As I showered the sweat off my body after my workout this morning I thought a lot about excuses, and how we talk ourselves out of exercise or anything difficult. We have obvious excuses – I’m tired, I couldn’t be bothered, I’m sore, I’m hungry – but there’s also less obvious ones that are sometimes more dangerous – the one I battle most with is ‘I don’t want this anymore’ (as in, I don’t want this goal). Of course, I do want the goal, it’s just my easy way out of things – because if I don’t want it, why do it?

At the end of the day, when we use excuses we’re really just saying that for one reason or another we don’t want to do whatever it is right now. And the more I think about it, the more I realise that really we’re just afraid of or avoiding being uncomfortable. We don’t want to be more tired, or more hungry, or more sore, or have to use more energy. We don’t want to risk people ‘seeing’ us fully, or doing an exercise wrong at the gym, or being the uncoordinated one in the class. We’d rather be at home curled up on the couch watching TV – what could be more comfortable than that?


The problem is, life is not comfortable.

I realised on my recent trip to Thailand to complete yoga teacher training that I have avoided discomfort a lot. As though I was almost afraid of it, I had shaped my life in a way that meant I was pretty comfortable most of the time. Suddenly, finding myself alone at Bangkok airport at 2am I realised that I need to step out of my comfort zone a lot more.

During our 2 hour daily yoga practice this was made abundantly clear to me as we were forced to hold postures for minutes on end. Initially a lot of anger arose: anger that I was weak, that I was shaking, anger that our teacher was making us do it (okay, no one was holding a gun to our heads and our warm and loving yoga teacher Gaurav was hardly standing there with a whip but regardless, I was mad and had to blame someone else).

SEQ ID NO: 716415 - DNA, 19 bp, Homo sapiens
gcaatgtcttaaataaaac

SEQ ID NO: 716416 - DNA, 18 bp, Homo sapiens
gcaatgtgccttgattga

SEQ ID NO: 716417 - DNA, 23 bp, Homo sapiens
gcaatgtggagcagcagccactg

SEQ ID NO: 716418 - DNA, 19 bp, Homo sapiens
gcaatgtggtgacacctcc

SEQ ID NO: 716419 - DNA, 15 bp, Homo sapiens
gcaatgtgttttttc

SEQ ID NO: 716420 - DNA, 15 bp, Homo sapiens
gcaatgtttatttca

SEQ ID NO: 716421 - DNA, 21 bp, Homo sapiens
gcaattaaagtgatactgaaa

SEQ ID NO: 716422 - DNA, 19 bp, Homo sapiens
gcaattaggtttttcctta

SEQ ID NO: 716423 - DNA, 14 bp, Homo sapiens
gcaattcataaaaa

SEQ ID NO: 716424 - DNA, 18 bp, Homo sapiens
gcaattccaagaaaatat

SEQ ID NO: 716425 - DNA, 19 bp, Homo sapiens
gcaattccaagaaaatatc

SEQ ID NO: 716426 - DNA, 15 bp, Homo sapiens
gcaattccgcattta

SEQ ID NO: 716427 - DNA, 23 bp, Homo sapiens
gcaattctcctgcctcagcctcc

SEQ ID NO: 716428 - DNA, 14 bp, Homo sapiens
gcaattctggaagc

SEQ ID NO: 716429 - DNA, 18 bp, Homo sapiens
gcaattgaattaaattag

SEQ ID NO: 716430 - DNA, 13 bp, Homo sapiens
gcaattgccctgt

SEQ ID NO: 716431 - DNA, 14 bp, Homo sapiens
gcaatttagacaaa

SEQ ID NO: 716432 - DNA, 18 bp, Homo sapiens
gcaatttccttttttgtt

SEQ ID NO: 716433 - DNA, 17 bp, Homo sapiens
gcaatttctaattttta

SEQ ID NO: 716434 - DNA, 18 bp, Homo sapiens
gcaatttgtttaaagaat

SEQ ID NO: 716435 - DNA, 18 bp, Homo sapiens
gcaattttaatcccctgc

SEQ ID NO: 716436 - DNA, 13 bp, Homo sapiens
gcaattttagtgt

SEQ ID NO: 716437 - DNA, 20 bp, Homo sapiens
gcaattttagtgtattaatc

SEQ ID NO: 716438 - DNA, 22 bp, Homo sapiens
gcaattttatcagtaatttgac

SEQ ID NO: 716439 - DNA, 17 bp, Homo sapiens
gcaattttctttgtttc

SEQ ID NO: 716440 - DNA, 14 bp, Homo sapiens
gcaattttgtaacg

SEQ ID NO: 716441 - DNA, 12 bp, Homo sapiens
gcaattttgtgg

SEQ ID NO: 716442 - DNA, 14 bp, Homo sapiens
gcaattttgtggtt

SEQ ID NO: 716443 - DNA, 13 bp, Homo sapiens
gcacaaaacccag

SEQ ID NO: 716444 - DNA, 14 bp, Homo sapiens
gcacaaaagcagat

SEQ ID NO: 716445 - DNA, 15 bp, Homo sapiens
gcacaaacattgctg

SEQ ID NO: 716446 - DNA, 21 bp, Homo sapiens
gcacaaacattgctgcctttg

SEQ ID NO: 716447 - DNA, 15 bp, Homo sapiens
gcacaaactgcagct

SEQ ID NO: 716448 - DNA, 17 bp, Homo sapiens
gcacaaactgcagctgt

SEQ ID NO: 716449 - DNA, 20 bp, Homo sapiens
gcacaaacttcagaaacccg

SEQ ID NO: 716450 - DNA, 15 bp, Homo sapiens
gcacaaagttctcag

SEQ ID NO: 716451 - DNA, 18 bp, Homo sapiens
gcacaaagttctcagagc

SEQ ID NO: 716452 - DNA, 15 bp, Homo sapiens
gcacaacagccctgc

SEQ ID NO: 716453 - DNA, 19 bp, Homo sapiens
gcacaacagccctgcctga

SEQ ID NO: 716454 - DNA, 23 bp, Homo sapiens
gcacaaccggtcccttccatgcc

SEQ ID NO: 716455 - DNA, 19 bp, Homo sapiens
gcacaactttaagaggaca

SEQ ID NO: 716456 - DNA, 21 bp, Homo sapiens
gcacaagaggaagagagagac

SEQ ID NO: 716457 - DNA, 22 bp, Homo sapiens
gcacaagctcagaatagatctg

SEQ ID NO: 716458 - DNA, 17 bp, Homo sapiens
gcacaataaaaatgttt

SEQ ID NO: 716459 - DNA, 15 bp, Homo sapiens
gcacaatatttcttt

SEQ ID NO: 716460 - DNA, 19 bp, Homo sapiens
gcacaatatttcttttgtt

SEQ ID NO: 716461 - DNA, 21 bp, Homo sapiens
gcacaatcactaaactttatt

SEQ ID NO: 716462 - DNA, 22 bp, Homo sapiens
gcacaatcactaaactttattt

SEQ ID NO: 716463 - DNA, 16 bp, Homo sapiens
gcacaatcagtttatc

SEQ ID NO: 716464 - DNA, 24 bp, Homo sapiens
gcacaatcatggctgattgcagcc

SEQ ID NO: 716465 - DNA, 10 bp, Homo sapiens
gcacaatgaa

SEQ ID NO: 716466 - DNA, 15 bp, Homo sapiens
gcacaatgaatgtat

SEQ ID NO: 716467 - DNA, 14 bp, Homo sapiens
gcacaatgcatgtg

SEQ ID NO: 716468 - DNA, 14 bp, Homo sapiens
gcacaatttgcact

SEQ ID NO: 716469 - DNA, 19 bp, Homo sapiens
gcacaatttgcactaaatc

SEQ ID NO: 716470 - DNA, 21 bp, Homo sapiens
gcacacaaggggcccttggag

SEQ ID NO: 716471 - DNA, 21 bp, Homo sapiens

Through these difficult and strong postures as I stepped into my anger I realised that discomfort is not as bad as we think – it reaches a high point (which is usually where we quit) but then it plateaus. Most of the time, you can breathe through it, and afterwards magic occurs and all the discomfort you’ve experienced transforms into feelings of fulfillment and pride and it all becomes worthwhile!


In fact, the more I practice walking into my discomfort, the more I realise it’s not such a bad place to be after all. Even this morning as I briefly considered whether I’d workout or not (it was cold, I hadn’t eaten yet and my early morning client cancelled just before I left the house so bed was calling my name), I recognised that actually the day-long feeling of letting myself down by choosing comfort was actually worse than any discomfort I’d experience from doing the workout. Lo and behold, as my workout commenced I warmed up, my hunger dissipated, and that incredible buzz and emotional high I got from finishing my workout was way better than staying in bed!

When we consistently choose to react to something in a particular way we reinforce that behaviour, even if its not our intention, so the chance of reacting in that way again gets more and more likely. If you want to get rid of excuses, choose to walk into discomfort rather than away. Explore the discomfort and challenge yourself to see what happens as you face it head on. I think you will find yourself pleasantly surprised.

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